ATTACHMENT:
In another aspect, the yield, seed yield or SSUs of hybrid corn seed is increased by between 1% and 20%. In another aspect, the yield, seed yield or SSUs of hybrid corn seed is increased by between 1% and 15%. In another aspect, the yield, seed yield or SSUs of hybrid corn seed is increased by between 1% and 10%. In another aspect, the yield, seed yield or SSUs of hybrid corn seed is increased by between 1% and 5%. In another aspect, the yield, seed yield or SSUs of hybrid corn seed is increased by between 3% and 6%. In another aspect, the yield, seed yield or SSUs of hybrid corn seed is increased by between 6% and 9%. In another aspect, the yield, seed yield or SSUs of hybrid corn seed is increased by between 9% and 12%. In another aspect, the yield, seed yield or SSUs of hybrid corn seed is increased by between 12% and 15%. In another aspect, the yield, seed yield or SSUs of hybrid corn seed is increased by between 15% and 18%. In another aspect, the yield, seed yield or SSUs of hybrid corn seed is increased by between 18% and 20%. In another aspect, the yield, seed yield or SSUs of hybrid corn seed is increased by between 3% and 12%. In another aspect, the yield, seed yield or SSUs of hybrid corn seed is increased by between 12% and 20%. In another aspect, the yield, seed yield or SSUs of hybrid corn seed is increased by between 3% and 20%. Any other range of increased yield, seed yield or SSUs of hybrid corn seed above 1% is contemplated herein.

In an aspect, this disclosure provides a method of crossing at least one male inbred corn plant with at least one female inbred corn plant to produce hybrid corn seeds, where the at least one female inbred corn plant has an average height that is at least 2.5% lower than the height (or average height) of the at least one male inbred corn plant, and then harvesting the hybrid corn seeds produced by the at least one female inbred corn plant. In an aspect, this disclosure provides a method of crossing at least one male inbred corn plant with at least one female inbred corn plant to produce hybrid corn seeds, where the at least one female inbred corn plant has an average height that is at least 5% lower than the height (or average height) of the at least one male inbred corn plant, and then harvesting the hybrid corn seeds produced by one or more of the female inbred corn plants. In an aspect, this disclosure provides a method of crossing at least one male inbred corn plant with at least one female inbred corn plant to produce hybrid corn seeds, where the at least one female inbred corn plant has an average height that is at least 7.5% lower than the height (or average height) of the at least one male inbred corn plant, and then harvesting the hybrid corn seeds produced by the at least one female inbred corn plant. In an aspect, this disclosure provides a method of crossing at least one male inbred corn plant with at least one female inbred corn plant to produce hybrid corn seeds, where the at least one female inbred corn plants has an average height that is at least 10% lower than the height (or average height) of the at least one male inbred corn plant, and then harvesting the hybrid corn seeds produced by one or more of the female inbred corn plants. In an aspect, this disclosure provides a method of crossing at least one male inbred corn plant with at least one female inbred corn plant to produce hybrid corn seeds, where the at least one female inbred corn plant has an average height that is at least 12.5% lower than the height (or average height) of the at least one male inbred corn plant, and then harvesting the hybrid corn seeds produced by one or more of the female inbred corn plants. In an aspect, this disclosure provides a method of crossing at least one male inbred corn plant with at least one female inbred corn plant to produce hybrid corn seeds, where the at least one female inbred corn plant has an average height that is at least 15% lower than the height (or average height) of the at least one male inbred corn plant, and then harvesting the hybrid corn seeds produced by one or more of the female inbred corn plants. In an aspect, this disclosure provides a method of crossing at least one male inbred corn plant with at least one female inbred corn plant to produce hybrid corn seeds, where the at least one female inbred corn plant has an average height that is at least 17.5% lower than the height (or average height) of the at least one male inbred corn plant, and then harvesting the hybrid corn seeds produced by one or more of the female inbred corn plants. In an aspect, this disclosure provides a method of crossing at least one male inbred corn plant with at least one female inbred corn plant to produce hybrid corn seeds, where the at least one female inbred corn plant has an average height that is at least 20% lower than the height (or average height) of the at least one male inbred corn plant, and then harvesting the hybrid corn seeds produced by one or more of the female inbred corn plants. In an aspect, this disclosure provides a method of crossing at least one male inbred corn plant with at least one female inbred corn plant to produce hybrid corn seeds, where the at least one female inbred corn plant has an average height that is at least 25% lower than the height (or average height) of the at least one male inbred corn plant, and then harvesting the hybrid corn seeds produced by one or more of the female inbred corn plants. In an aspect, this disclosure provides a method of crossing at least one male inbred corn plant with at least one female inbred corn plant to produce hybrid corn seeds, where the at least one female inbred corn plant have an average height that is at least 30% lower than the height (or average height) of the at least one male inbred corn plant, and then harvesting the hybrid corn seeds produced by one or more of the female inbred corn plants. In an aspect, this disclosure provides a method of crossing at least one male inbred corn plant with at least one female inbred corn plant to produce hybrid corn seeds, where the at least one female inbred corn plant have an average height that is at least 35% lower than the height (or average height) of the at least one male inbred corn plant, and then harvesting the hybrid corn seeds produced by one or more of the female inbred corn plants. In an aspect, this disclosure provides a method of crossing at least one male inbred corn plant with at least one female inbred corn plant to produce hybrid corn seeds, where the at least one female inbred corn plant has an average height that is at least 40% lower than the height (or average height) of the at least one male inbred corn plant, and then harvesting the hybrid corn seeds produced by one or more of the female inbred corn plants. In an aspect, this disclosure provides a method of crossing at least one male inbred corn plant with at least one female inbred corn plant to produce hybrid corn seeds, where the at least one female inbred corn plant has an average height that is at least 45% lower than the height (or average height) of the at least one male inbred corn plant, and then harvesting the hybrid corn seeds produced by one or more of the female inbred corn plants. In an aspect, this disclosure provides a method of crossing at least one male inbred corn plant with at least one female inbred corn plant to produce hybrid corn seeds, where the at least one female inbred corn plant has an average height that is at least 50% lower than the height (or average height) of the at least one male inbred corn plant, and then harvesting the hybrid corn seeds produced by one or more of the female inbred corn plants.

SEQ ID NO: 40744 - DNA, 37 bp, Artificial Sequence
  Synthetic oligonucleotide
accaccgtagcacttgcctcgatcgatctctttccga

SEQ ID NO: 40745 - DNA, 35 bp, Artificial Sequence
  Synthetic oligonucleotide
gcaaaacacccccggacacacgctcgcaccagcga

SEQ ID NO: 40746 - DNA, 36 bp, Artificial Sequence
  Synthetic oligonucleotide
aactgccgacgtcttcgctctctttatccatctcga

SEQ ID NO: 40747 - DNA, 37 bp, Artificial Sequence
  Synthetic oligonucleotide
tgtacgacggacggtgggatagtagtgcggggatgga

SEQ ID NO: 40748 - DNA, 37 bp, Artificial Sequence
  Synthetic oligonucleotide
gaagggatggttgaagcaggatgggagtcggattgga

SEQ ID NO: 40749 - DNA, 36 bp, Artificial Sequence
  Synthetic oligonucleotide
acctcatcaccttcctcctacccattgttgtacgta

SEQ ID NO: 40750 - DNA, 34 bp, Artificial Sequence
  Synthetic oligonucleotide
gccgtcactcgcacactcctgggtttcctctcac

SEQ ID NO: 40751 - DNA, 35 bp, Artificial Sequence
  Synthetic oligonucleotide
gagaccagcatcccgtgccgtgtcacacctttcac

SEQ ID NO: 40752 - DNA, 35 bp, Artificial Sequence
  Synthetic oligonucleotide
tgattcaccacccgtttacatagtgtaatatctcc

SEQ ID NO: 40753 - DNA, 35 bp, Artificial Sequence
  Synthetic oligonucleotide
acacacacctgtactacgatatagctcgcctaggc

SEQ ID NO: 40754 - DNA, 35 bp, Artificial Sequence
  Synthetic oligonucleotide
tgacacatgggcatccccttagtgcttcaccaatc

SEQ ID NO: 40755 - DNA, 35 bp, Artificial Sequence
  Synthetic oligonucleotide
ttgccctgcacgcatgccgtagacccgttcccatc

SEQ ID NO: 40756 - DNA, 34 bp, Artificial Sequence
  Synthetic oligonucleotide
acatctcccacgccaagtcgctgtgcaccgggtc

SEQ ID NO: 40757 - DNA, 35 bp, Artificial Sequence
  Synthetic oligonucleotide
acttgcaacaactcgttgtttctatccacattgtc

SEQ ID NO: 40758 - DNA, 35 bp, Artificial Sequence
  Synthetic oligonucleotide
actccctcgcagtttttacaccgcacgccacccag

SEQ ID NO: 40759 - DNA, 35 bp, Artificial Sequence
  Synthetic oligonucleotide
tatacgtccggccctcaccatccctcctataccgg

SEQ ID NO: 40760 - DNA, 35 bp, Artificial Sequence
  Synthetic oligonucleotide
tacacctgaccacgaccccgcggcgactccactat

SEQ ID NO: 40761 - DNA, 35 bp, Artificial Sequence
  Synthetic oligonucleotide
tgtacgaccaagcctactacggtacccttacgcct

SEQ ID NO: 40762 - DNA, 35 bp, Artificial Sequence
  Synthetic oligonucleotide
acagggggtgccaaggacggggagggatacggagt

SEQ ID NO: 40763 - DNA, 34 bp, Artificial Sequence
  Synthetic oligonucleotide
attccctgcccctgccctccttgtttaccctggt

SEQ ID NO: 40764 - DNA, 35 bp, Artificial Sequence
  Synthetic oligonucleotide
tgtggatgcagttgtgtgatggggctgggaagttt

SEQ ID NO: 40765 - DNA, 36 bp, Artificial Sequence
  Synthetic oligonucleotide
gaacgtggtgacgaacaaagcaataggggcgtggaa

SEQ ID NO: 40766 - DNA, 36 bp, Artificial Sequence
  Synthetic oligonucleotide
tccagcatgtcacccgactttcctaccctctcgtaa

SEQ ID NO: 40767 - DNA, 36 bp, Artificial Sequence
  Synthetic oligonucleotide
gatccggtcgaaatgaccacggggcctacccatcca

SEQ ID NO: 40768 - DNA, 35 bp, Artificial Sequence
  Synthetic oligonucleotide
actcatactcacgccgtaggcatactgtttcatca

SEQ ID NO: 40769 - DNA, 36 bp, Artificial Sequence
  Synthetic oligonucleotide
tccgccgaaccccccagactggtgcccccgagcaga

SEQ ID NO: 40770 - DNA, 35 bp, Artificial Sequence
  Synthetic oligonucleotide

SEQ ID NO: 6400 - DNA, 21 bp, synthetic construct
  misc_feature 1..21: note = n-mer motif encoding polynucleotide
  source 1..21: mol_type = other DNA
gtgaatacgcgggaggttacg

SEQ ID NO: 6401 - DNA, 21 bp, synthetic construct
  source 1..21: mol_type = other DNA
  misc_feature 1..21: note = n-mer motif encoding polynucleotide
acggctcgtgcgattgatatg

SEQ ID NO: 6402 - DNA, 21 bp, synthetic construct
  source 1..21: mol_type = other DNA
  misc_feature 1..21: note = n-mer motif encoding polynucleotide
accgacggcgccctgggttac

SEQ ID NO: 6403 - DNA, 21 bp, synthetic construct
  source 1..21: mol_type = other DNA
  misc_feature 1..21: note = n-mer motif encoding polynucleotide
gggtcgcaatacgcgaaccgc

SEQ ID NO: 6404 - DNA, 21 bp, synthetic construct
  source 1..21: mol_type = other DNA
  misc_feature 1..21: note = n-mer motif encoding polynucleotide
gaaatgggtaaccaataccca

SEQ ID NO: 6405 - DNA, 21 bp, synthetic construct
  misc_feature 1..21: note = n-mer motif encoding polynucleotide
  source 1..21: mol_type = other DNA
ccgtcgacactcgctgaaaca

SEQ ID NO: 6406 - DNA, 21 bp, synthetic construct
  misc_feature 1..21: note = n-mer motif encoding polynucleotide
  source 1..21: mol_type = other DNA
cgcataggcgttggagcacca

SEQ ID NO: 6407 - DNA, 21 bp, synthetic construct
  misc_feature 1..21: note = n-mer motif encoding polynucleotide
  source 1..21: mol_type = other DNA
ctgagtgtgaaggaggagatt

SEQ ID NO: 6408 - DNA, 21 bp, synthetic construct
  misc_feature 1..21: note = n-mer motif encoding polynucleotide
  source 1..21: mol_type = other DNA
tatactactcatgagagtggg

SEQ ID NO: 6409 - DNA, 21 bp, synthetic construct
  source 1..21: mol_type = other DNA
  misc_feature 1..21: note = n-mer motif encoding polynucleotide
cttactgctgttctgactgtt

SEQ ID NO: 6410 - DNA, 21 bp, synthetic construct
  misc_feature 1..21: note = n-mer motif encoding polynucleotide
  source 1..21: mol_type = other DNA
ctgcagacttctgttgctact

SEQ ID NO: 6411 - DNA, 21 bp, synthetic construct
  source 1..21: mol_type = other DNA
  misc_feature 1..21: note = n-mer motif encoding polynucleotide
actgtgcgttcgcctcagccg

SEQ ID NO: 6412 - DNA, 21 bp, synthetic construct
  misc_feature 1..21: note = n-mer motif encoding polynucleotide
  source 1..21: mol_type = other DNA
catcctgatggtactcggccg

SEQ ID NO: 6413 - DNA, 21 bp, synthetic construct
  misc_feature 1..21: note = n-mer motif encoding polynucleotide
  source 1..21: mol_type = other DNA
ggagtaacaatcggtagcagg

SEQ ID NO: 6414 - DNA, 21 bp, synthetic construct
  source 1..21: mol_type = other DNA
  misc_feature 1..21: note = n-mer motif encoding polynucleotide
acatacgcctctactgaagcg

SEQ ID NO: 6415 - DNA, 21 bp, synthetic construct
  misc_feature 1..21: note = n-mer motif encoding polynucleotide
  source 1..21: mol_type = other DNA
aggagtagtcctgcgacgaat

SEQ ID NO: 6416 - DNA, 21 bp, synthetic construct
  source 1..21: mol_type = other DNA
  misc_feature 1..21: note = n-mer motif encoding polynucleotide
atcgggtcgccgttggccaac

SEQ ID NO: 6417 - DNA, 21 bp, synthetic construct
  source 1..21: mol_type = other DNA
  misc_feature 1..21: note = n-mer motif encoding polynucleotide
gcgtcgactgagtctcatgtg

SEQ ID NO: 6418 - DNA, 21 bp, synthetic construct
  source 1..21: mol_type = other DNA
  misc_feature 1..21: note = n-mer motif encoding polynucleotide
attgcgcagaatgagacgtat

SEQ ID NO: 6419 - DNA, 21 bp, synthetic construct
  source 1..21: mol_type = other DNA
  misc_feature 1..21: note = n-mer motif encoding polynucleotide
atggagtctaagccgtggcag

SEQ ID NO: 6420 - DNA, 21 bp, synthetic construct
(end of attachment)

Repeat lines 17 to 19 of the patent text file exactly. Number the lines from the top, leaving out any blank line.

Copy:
gaagggatggttgaagcaggatgggagtcggattgga

SEQ ID NO: 40749 - DNA, 36 bp, Artificial Sequence
  Synthetic oligonucleotide